Many, many, many of us in the Social Selling training and coaching industry stress the importance of properly using LinkedIn as a prime tool for Social Selling activity.
I admit falling into that category much of the time. There is, however, another tool that belongs in a very prominent place in every salesperson’s toolbelt: Twitter.
LinkedIn may be “the place to be” for business professionals. But there are a lot of such pros on Twitter, too. That’s reason enough to reach out to them. Another reason, though, is that some people on Twitter are not on LinkedIn. While that number may not be large, it’s enough to attract prospects you aren’t reaching on LinkedIn. That’s reason enough for me to use it as a part of my own Social Selling activities, and I think it’s enough for you, too.
But isn’t LinkedIn the Best Place for Businesspeople?
The short answer is yes… and no.
Of the two platforms, LinkedIn provides more value. It is also the more professional one. That’s where the “yes” comes in. Even though Twitter can be a cesspool of, well, I don’t even need to get into that here… it can be successfully used as a part of your Social Selling strategy. Ergo, the “no.”
What you need to do, though, is think of Twitter somewhat differently than LinkedIn.
Twitter and LinkedIn are pretty much two completely different animals. LinkedIn is a true networking platform that has so much going for it (and going on with it), I can’t list it all in just one sentence. Twitter is more of a broadcast platform that is also easy to search and navigate. While Twitter does have networking capability, it’s nothing like LinkedIn. Then again, Twitter doesn’t really want to be LinkedIn.
Twitter actually does something better than LinkedIn. Twitter broadcasts whatever message you want to put out there (as long as your Twitter feed isn’t set to “private,” of course). Twitter not only broadcasts this to your followers, but to anyone you want to see your message via keywords and especially hashtags.
Twitter is the easiest way to both broadcast your message and to have it found by those interested in what you’re selling or offering. That’s why I view all of this as much more of a “Twitter + LinkedIn” matter than a “Twitter vs. LinkedIn” question.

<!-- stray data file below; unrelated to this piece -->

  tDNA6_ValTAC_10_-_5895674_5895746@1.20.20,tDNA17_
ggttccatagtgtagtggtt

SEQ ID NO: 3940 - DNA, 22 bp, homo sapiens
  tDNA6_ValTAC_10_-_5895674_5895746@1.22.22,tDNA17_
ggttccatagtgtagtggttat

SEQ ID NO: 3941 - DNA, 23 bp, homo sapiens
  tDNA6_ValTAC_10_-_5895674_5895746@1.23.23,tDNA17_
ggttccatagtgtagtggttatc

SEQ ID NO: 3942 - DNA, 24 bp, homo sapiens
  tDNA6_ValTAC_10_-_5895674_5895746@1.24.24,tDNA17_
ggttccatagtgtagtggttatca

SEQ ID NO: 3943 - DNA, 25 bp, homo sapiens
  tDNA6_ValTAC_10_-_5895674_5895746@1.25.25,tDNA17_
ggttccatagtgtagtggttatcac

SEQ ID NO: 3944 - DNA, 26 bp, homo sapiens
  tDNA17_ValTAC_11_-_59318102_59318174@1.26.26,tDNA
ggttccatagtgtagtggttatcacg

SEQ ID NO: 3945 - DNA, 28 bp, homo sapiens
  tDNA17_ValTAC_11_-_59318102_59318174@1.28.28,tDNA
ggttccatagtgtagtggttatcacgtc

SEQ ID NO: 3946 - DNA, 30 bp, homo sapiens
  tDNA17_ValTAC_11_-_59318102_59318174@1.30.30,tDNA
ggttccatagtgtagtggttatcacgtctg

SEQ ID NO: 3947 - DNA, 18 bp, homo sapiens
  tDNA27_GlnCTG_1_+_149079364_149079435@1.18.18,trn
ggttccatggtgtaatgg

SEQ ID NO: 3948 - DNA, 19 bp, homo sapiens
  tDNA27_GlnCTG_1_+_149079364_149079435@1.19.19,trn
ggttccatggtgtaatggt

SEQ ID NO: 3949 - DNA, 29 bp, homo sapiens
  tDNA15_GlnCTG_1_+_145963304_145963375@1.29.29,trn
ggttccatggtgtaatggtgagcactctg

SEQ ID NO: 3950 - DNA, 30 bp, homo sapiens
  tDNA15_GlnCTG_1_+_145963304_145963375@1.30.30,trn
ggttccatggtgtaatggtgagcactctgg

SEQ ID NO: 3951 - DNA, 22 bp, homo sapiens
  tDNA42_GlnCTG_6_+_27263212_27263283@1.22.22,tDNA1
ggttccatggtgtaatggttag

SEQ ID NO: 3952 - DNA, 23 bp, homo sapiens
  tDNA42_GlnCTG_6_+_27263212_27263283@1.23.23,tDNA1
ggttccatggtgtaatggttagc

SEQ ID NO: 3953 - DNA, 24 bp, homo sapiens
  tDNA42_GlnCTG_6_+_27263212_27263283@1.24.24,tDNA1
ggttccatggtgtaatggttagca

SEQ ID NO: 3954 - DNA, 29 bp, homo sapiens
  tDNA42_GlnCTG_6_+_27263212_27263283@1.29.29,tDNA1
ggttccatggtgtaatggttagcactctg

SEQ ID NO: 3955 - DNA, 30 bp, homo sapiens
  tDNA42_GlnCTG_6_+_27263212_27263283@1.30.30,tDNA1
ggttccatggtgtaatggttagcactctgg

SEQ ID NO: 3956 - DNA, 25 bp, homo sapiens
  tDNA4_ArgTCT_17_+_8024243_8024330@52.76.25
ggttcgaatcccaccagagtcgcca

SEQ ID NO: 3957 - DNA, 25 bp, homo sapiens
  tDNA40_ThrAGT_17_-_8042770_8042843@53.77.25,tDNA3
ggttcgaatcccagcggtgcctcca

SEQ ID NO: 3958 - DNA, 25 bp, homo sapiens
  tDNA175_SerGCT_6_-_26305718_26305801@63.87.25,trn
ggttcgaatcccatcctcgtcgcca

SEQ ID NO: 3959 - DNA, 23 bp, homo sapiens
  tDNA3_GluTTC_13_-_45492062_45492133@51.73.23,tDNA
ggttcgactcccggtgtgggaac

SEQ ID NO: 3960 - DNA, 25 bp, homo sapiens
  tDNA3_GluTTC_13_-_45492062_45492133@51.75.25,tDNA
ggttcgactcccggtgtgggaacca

Using both of them to their respective highest and best uses are in a strategy I call Channeling.
Twitter: Your “Broadcast” Channel
Twitter is most effectively used as a channel to bring Twitter users to your LinkedIn Profile or published content, as well as to your other channels (blogs, news releases, content from other publications, etc.).
The type of channel to which I’m referring is more along the lines of a channel of water that joins two larger bodies of water, like lakes, seas, and even oceans—think the English Channel. In this case, the two “oceans” are LinkedIn and Twitter, and this strategy is the channel that connects the two.
To get going, start publishing “tweets” on Twitter. You can link to news stories, blog postings and other forms of content that are important to your prospects (better referred to here as your “audience”). Here’s a great article published on sourcing of content for your various news feeds. As you start to build an audience, they’ll naturally start to be curious about who you are and what you do.
That’s where the most important part of the strategy comes in. You need to have your LinkedIn Profile URL—that address that looks something like linkedin.com/in/bobwoods—directly in your Twitter profile.
Hopefully, when someone sees some of your tweets and they click on your profile, they’ll want to click over to your LinkedIn Profile. At that point, if your LinkedIn Profile is developed and written in a value-added, Social Selling format, they’ll either pick up the phone and call you or send you an email.
You’ll also need to have your Twitter profile developed in a somewhat similar fashion. While you don’t have nearly the same flexibility to develop a fully optimized Social Selling profile on Twitter, you can still have the strong basics going for you:
- An eye-grabbing header image;
- A photo that’s professional in nature;
- A succinct that’s written in a way that shows the value you provide to prospects and customers (yes, mine could be better… I’m working on it);
- Your LinkedIn Profile URL
At least the Twitter profile is much easier (and less time-consuming) to put together than the LinkedIn Profile.
Two-Way vs. One-Way
Unlike a maritime channel, where traffic is two-way, this Channeling strategy is primarily one-way: From Twitter to LinkedIn. This is mainly because you’re able to truly “sell” your expertise and thought leadership on LinkedIn, because of the tools LinkedIn provides. Twitter limits you to 140 characters, which isn’t a lot of space in which to promote yourself. And Twitter’s Profile capabilities aren’t anywhere near what LinkedIn can do for you. So Channeling your Twitter followers to your LinkedIn Profile or published content is the better way to go here.
By the way, you can also use Channeling with Instagram, Pinterest and lots of other platforms. The key here is to make sure any URL you have in your profiles on those platforms points to your LinkedIn Profile, as well as to build them in a way similar to the Twitter profile I’ve shown above. With a properly formatted, Social Selling-oriented LinkedIn Profile, you’ll have a much better chance of taking online conversations offline (one of the primary goals of Social Selling).
Isn’t it time increase your Social Selling-generated leads and business by channeling interested prospects to your LinkedIn Profile and published content? Good luck with your Channeling!
Want to integrate LinkedIn into your daily sales activity? Download our eBook, “A LinkedIn 5-Day Prospecting Plan,” which can help you accomplish that goal in an easy way that will quickly become second nature to you!